Jesus in First Place: The Dismissal-Resurrectional Theotokion in Tone 8

Genesis 1-2; Hosea 8-13, Daniel 13, Colossians 1:15-20

For the next two weeks, we repeat, for dismissal, the beloved resurrectional Theotokion in tone four.  Since we have already looked closely at this hymn, we will look back to another of this series of hymns that concern Mary.  I am referring to the one that we heard a few weeks ago in worship:  the hymn in tone eight.  Alone, of the eight resurrectional-dismissal hymns for the Theotokos, this one speaks to our Savior, and not directly to holy Mary.  The others all address our Lady, while worshipping the LORD supremely; but this one makes our pattern of reverence and worship explicit by its mode of address.  It is because of all that God the Son has done for us that we rightly honor His Mother.  Her very name, Theotokos, puts the reference to her Son first!  She is the GOD-bearer.  Here is the hymn, as it addresses Christ.

O Good One, you who for our sake were born of the Virgin and endured crucifixion,

Destroying death by death and revealing the Resurrection as God,

Do not despise those who were fashioned by Your hand!

Reveal Your merciful love for mankind!

Receive the Theotokos, the one who bore you, as she represents us;

And as our Savior, save your people, who have no hope in themselves.


Our worship, then, gives the lie to that naughty apocryphal story regarding Michelangelo and the peasant woman.  The story goes that the great artist was putting finishing touches onto the dome of the Sistine Chapel when he saw a woman below piously praying before a representation of Mary.  Deciding to have some fun, he called down in a dominical voice, “Woman!”, but she seemed not to hear.  Again, he called out, a little louder, “Woman!’ and she continued saying her rosary.  Finally, he shouted, “Woman, I’m talking to YOU!”  Without looking up, she retorted, “You-a be quiet! I’mma talking to your Mama!”

Of course, this jarring story is often told by Protestants who do not understand the reverence that the ancient Church has for the Mother of God, and want to mock it.  In answer to their worry that the Church has got things out of order, and for our own strengthening, this eighth Theotokion decidedly puts Jesus in first place, as a summary of all the things that this sequence of Theotokia celebrates concerning the glory of God in Christ, as seen in the piety of life of Mary.

Foundationally, we address God the Son as good. “O Good One,” the hymn begins. We are sent back again to the first story of the Bible, when God looked at the creation that He had made, and called it good.  For, of course, as the epistle of James reminds us, “Every good and perfect gift is from above, coming down from the Father of the heavenly lights, in whom there is no shadow of turning” (James 1:17). This good Maker, then, is the source of a creation that at every stage of its making was declared good by Him, until the climax of the sixth day is reached, and He exclaims, “It is VERY good!”  The second chapter of Genesis zooms into God’s actions on that sixth day— the making of our first parents.  In doing so, it demonstrates for us God’s particular love for those made after His image.  Those of us who know Christ can go even further, of course, than those who originally read the second chapter of Genesis.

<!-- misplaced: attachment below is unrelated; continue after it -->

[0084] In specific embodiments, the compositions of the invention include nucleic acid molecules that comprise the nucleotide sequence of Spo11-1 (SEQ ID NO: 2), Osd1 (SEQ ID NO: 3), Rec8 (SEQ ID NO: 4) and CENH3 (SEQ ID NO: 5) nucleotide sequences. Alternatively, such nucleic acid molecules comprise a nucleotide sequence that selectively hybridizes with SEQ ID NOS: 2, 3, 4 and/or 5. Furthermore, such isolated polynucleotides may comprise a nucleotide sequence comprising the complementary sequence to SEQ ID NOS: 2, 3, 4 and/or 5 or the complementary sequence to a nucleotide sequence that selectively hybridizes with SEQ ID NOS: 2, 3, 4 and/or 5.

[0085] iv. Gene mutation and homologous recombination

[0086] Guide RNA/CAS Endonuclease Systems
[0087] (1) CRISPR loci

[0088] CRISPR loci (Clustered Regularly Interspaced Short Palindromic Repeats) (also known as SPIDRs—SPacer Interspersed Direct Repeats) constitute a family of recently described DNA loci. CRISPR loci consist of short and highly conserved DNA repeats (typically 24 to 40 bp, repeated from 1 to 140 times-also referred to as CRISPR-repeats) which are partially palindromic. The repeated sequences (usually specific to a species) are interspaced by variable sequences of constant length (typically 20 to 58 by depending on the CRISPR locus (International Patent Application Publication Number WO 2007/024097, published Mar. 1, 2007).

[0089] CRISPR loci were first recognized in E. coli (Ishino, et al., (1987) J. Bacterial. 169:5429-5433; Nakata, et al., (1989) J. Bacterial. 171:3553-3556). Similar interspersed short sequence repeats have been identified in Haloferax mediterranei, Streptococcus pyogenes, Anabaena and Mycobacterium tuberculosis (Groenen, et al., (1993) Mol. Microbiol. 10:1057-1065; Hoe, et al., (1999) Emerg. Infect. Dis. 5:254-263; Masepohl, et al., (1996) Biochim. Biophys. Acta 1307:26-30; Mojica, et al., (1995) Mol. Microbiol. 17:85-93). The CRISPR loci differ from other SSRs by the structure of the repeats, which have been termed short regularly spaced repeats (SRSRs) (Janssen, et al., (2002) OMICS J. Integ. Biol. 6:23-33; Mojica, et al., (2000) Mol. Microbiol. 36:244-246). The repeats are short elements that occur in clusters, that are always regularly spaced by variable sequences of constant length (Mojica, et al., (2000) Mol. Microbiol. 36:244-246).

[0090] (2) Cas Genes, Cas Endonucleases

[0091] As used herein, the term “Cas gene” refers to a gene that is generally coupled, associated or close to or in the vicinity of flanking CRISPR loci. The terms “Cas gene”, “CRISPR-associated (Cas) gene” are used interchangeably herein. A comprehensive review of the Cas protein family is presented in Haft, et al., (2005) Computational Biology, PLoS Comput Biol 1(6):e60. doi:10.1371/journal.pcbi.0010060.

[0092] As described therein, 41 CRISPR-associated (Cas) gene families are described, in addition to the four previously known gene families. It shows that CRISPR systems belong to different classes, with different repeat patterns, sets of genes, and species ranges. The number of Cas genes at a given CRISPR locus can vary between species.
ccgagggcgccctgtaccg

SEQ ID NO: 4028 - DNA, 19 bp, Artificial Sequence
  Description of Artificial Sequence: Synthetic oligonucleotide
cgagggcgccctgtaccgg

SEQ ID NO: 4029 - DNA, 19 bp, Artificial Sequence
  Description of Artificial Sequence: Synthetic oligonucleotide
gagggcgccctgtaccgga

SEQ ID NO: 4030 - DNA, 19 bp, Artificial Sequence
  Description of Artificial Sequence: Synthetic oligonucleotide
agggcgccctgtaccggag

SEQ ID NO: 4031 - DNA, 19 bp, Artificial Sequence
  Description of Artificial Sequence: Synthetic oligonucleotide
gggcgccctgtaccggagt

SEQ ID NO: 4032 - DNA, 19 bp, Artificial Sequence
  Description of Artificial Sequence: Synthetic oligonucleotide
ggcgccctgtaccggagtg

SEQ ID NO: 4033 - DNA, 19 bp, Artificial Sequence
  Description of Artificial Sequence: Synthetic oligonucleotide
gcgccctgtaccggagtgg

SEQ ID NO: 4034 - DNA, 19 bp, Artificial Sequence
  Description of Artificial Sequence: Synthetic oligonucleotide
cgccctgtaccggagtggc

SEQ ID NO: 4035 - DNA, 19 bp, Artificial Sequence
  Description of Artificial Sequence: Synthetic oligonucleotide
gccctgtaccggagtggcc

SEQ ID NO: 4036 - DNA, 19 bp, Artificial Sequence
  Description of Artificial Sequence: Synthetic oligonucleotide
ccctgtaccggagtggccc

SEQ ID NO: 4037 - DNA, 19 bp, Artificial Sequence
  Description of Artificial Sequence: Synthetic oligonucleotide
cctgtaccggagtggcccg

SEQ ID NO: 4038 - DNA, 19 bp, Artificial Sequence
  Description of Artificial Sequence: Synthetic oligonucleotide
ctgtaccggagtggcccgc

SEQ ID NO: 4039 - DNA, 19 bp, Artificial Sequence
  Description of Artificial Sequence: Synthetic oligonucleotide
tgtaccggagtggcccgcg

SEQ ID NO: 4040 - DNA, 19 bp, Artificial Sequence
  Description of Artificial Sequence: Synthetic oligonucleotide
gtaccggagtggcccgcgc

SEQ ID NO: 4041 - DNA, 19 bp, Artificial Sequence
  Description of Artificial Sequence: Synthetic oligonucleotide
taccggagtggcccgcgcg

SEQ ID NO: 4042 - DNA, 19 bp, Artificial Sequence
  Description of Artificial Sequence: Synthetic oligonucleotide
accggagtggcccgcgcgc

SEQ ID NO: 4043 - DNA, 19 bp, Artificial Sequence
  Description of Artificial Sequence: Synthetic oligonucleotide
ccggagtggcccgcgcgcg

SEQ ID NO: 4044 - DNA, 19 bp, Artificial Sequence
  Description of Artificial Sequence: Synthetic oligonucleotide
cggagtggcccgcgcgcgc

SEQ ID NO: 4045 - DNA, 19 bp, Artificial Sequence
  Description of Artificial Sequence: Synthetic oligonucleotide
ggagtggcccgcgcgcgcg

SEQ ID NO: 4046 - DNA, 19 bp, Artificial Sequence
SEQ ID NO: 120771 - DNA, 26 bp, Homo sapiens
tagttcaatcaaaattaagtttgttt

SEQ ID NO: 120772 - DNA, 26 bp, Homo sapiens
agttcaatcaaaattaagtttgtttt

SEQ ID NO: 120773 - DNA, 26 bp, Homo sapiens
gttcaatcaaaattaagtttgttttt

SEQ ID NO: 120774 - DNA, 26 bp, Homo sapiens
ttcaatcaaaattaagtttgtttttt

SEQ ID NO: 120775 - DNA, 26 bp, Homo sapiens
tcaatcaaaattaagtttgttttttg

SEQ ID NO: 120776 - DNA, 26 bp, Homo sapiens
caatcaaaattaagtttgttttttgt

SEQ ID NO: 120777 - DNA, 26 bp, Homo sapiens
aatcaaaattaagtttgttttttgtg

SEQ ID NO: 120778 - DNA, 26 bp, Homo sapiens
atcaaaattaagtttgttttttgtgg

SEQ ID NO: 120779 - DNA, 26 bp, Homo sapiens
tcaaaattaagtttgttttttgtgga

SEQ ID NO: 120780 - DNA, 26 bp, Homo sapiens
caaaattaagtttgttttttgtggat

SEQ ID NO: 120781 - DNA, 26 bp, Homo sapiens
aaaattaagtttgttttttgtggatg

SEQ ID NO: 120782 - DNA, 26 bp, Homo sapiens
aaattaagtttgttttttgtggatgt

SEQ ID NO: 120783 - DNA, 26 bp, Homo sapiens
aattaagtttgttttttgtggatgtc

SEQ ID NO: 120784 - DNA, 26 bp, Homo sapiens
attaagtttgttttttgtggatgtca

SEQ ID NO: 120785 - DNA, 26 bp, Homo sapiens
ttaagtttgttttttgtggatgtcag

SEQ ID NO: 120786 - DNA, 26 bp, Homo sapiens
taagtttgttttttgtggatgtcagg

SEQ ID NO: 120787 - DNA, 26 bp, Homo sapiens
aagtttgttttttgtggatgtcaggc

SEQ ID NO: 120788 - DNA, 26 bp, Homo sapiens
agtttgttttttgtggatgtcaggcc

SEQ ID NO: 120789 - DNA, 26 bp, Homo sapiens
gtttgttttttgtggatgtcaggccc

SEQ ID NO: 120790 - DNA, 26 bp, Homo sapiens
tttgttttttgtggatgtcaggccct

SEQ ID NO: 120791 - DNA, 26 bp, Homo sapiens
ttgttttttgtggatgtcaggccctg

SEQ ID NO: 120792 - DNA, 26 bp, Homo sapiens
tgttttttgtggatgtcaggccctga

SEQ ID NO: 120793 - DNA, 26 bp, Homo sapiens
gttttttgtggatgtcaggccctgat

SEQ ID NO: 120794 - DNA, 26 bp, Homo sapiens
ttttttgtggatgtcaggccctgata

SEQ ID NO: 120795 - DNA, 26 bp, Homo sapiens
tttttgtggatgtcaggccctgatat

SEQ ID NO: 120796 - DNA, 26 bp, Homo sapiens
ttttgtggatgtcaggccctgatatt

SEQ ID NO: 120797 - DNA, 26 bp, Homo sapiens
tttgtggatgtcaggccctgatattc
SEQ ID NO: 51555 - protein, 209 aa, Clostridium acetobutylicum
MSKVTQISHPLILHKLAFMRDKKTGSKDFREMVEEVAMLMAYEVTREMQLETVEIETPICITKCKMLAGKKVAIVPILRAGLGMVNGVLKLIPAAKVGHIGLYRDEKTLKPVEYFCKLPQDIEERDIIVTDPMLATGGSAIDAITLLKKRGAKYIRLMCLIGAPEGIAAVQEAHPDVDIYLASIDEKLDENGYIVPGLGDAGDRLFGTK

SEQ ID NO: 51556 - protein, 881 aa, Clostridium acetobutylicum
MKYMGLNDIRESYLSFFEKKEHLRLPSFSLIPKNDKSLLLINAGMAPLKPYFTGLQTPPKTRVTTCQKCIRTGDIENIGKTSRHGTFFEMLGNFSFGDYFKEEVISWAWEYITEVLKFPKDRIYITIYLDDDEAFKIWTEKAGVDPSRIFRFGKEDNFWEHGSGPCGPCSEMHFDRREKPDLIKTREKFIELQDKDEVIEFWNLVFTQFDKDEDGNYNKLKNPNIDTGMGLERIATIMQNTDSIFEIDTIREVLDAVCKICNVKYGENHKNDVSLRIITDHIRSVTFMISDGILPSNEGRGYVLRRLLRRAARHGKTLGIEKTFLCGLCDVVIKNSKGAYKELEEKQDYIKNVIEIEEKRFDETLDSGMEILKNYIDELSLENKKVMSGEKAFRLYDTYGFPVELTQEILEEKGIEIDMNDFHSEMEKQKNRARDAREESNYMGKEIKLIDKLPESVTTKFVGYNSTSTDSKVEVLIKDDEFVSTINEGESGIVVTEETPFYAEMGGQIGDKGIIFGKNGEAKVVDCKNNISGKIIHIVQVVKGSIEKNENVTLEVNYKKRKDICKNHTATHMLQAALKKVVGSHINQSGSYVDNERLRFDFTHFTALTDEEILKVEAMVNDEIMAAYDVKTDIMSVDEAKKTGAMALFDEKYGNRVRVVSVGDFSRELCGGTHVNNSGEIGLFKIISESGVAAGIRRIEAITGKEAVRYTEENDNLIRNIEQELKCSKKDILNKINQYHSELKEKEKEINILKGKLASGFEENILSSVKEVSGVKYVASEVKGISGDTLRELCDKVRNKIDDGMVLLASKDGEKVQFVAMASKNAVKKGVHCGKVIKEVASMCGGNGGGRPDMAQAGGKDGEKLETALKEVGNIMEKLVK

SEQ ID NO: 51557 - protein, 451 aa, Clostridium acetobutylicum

We know, because of the revelation of Jesus, that we are created after the image of God, but that Jesus is the image of the invisible God, as the apostle tells us in Colossians.  Again, that wonderful hymn in Colossians 1:15-20 tells us that, although he may have appeared historically after a long line of other human beings, Jesus is the “head of the body, the Church” and the “head of all creation.”  It is Jesus first.  Not only that, but He is himself the Creator, the Word who said, “let it be.”  Let’s go back to that story in Genesis.

His creating work on that final sixth day, in contrast to the simple “command” that He issued for the rest of the created order, is deliberate, as He reasons, “Let us make Adam…”  Indeed, Genesis two goes on to show that his deliberate creation is also “hands-on”—He fashioned Adam from the same material as the earth, and formed Eve from a part of Adam’s own body.  And so with confidence, we can sing out the third line of this Theotokion: “Do not despise those who were fashioned by Your hand!”

But it is in the later actions of the God-Man, those that come after many different epochs and eras, that humans come to fully understand, or see more clearly, that this Good One truly loves us.  He is, we hear, the one who was born of a Virgin for our sake and who endured the cross for us, trampling down death by death.  He is not only Good, but He is God, says the hymn:

O, Good One, you who for our sake were born of the Virgin and endured crucifixion,

Destroying death by death and revealing the Resurrection as God.

Do not despise those who were fashioned by Your hand!


If the wonder of the creation, and our being made after God’s image, so that He can walk and talk with us, are not enough to convince us of God’s merciful nature, then His humble dwelling among us and His suffering in the crucifixion must surely suffice! In the Incarnation and in the Crucifixion we see in the boldest form the self-giving love of God.  Yet it is hinted at to the eyes of faith, all through the Old Testament.